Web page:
Vascular Surgery

Vascular Surgery

What is vascular surgery?
Vascular surgery refers to procedures, which deal with diseases in the vascular system, arteries or veins. Surgeons usually make use of minimally invasive surgical techniques when they perform this kind of surgery.

Vascular surgery can be used for some of the following:

  • Carotid endarterectomy
    This procedure is designed to decrease the risk of stroke. The surgery rectifies narrowing in the common carotid artery or internal carotid artery. During this procedure, your surgeon will remove plaque from the inside of the arteries.
  • Femoropopliteal bypass
    This procedure is performed above or below the knee. In order to bypass a blocked blood vessel, the blood is sent through a new vessel that has been made from graft materials, or through a vessel that has been transplanted.
  • Abdominal aorta aneurysm
    An abdominal aortic aneurysm is an enlarged area in the lower part of the aorta, the major blood vessel that supplies blood to the body. The aorta runs from the heart through the centre of the chest and abdomen.

How can an abdominal aorta aneurysm be removed?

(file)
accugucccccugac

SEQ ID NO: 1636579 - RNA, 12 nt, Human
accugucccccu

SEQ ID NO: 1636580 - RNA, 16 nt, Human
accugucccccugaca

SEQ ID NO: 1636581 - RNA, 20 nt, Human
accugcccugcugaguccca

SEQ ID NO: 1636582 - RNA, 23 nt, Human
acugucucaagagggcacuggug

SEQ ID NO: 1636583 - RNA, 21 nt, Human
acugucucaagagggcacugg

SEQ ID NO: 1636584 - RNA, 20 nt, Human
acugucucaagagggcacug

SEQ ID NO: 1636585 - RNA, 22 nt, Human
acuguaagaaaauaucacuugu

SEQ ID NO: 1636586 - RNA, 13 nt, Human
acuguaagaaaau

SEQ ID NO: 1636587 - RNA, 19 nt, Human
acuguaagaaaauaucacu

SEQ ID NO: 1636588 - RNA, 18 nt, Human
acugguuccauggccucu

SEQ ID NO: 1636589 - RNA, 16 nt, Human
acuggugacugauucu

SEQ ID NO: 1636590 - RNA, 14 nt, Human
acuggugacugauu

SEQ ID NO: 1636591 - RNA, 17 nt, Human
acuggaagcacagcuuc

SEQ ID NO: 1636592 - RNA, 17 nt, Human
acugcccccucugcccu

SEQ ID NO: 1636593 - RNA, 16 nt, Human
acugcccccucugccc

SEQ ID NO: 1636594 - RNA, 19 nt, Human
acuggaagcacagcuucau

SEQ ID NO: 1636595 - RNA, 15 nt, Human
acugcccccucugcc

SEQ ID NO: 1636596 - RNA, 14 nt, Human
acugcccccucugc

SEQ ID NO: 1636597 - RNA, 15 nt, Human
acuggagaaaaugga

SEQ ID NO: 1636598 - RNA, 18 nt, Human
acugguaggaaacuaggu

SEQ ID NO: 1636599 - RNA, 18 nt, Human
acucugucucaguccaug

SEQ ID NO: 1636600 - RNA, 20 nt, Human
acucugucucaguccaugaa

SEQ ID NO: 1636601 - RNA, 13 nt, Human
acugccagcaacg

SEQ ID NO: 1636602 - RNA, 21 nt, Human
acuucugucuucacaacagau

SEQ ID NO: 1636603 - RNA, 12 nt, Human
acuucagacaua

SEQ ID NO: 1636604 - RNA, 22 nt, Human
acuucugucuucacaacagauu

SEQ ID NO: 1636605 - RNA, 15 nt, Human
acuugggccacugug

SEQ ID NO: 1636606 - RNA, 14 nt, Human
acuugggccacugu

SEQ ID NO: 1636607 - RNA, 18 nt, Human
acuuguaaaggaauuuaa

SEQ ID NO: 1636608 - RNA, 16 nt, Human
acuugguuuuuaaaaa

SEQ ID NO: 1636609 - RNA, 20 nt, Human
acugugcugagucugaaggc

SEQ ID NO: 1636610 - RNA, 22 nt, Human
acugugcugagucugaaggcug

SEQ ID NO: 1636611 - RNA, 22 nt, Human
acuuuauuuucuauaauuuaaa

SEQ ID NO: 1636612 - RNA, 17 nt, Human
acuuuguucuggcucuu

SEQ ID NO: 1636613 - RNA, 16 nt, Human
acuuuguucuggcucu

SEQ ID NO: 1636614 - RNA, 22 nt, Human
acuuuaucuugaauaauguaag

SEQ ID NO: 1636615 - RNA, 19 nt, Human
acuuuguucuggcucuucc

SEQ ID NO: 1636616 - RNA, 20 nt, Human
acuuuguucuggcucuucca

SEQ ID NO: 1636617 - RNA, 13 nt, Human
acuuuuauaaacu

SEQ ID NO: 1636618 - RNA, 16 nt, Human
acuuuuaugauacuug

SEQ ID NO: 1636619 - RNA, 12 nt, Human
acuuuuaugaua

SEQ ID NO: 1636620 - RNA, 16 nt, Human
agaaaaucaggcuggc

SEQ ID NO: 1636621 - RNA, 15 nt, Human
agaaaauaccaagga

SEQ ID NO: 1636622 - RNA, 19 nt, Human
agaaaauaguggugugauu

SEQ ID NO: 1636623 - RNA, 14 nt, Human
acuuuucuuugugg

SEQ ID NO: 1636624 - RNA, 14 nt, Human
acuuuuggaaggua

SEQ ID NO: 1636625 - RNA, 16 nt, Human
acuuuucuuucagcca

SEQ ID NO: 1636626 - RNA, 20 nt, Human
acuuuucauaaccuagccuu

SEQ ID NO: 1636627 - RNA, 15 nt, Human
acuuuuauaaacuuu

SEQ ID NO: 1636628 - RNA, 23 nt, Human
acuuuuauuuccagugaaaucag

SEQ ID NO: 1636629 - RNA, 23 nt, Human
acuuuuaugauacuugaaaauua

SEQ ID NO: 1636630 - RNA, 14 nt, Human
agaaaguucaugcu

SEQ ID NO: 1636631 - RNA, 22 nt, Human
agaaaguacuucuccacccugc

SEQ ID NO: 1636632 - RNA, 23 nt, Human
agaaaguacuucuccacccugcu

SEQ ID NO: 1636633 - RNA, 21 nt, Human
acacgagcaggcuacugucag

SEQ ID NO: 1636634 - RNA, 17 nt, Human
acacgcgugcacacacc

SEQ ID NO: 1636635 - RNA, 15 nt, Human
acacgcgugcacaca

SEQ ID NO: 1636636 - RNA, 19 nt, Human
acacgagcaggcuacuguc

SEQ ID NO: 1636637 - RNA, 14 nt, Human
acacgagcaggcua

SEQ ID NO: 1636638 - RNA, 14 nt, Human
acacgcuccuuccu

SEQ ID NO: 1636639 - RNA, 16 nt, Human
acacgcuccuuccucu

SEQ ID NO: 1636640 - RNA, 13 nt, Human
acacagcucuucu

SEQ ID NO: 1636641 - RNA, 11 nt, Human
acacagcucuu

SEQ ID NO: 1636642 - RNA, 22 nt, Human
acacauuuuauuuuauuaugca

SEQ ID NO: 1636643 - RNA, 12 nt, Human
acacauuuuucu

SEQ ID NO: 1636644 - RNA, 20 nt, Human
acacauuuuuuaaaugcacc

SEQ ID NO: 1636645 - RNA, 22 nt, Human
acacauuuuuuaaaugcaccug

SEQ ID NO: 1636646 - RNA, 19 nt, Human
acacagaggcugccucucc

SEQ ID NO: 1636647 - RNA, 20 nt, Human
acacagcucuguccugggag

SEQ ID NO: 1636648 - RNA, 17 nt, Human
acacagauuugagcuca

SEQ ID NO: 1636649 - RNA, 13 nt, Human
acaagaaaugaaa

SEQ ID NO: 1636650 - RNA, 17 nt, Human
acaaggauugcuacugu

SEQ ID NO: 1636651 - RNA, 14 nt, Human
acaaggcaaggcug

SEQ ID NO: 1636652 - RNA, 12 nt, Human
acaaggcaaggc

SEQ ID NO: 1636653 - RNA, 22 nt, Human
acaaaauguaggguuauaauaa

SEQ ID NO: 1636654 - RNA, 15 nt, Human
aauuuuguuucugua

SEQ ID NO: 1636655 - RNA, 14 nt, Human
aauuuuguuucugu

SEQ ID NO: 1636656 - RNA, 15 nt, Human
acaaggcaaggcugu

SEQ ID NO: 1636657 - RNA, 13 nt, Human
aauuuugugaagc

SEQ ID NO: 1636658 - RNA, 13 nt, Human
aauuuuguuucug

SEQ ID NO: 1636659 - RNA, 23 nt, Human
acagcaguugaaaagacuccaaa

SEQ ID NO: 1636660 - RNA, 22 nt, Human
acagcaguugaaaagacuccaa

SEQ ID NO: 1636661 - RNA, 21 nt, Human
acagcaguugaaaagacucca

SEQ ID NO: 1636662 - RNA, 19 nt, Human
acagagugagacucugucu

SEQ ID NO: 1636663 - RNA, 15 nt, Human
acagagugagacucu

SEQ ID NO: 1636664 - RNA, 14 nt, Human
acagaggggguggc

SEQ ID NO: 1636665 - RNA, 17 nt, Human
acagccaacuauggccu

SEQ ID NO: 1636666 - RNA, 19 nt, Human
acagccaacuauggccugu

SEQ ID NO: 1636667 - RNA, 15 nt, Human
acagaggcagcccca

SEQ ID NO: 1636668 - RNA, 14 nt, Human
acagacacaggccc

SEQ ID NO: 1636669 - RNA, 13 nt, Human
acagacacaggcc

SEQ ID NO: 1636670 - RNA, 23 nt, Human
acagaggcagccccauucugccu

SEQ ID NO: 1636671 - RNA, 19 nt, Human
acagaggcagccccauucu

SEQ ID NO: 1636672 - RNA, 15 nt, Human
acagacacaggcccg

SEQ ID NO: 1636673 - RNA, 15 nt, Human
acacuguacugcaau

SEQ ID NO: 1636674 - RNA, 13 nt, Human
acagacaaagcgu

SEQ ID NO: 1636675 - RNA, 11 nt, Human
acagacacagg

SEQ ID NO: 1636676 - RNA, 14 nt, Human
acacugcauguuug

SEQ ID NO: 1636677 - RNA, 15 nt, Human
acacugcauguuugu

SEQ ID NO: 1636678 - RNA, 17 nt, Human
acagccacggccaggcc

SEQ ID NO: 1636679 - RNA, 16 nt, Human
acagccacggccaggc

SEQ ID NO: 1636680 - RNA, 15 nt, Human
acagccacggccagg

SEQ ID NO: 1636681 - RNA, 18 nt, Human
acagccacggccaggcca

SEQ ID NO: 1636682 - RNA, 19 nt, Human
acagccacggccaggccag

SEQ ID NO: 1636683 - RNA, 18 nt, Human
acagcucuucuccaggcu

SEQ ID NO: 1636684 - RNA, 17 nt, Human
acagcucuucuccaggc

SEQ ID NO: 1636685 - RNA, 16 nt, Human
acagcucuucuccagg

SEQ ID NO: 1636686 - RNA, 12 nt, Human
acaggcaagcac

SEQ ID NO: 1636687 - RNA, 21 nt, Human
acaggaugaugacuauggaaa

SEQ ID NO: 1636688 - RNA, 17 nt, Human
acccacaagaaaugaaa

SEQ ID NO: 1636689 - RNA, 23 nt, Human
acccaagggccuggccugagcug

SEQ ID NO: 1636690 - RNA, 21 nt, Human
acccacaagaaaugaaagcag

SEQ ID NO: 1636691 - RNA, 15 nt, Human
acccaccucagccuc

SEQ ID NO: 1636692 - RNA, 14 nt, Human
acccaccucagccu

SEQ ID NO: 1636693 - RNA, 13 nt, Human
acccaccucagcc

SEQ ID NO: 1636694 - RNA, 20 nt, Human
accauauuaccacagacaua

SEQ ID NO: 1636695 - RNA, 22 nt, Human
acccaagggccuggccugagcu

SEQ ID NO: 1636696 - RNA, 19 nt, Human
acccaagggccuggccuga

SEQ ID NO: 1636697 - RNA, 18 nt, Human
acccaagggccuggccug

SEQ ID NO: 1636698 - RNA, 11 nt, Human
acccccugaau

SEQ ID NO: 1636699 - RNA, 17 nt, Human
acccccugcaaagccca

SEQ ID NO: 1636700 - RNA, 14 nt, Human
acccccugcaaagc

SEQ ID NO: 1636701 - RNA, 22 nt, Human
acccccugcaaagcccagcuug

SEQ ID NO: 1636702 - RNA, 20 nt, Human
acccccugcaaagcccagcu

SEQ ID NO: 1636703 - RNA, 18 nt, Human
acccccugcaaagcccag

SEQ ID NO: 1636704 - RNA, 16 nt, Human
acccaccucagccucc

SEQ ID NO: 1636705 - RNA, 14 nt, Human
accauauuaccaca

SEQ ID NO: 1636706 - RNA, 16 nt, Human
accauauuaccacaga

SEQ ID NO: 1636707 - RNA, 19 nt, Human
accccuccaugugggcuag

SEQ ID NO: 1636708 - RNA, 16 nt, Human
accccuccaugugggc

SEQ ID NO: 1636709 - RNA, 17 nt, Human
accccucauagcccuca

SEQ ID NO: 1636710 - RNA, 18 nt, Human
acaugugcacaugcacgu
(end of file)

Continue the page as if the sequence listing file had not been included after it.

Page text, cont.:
During this procedure, an incision is made down the centre of the stomach, exposing the abdominal muscles to your surgeon. Your surgeon will then divide the muscles so that the abdominal cavity is visible. A piece of equipment called a retractor is used to hold the incision open, and your surgeon will lift the intestines out of the way so that the aneurysm and the aorta can be properly viewed. Your surgeon will apply clamps to each artery – this will temporarily prevent blood flow to the legs. The artery above the aneurysm will also be clamped, shutting off the blood supply. An incision will be made in the artery wall so that the blood clot can be removed. Afterwards, any damaged blood vessels will be repaired and a tube will be inserted into the blood vessel to provide support. The clamps will then be removed, and blood flow will return to normal. The blood vessel will then be closed with sutures before the internal organs are put back into their normal positions, and the muscles, tissue and skin are closed with sutures and staples.

What is the Trendelenburg position?
The Trendelenburg position refers to the position of a patient lying flat on their back, with the feet positioned higher than the head. This position is used for abdominal surgery as it allows the surgeon to have better access to the intestines and other organs.

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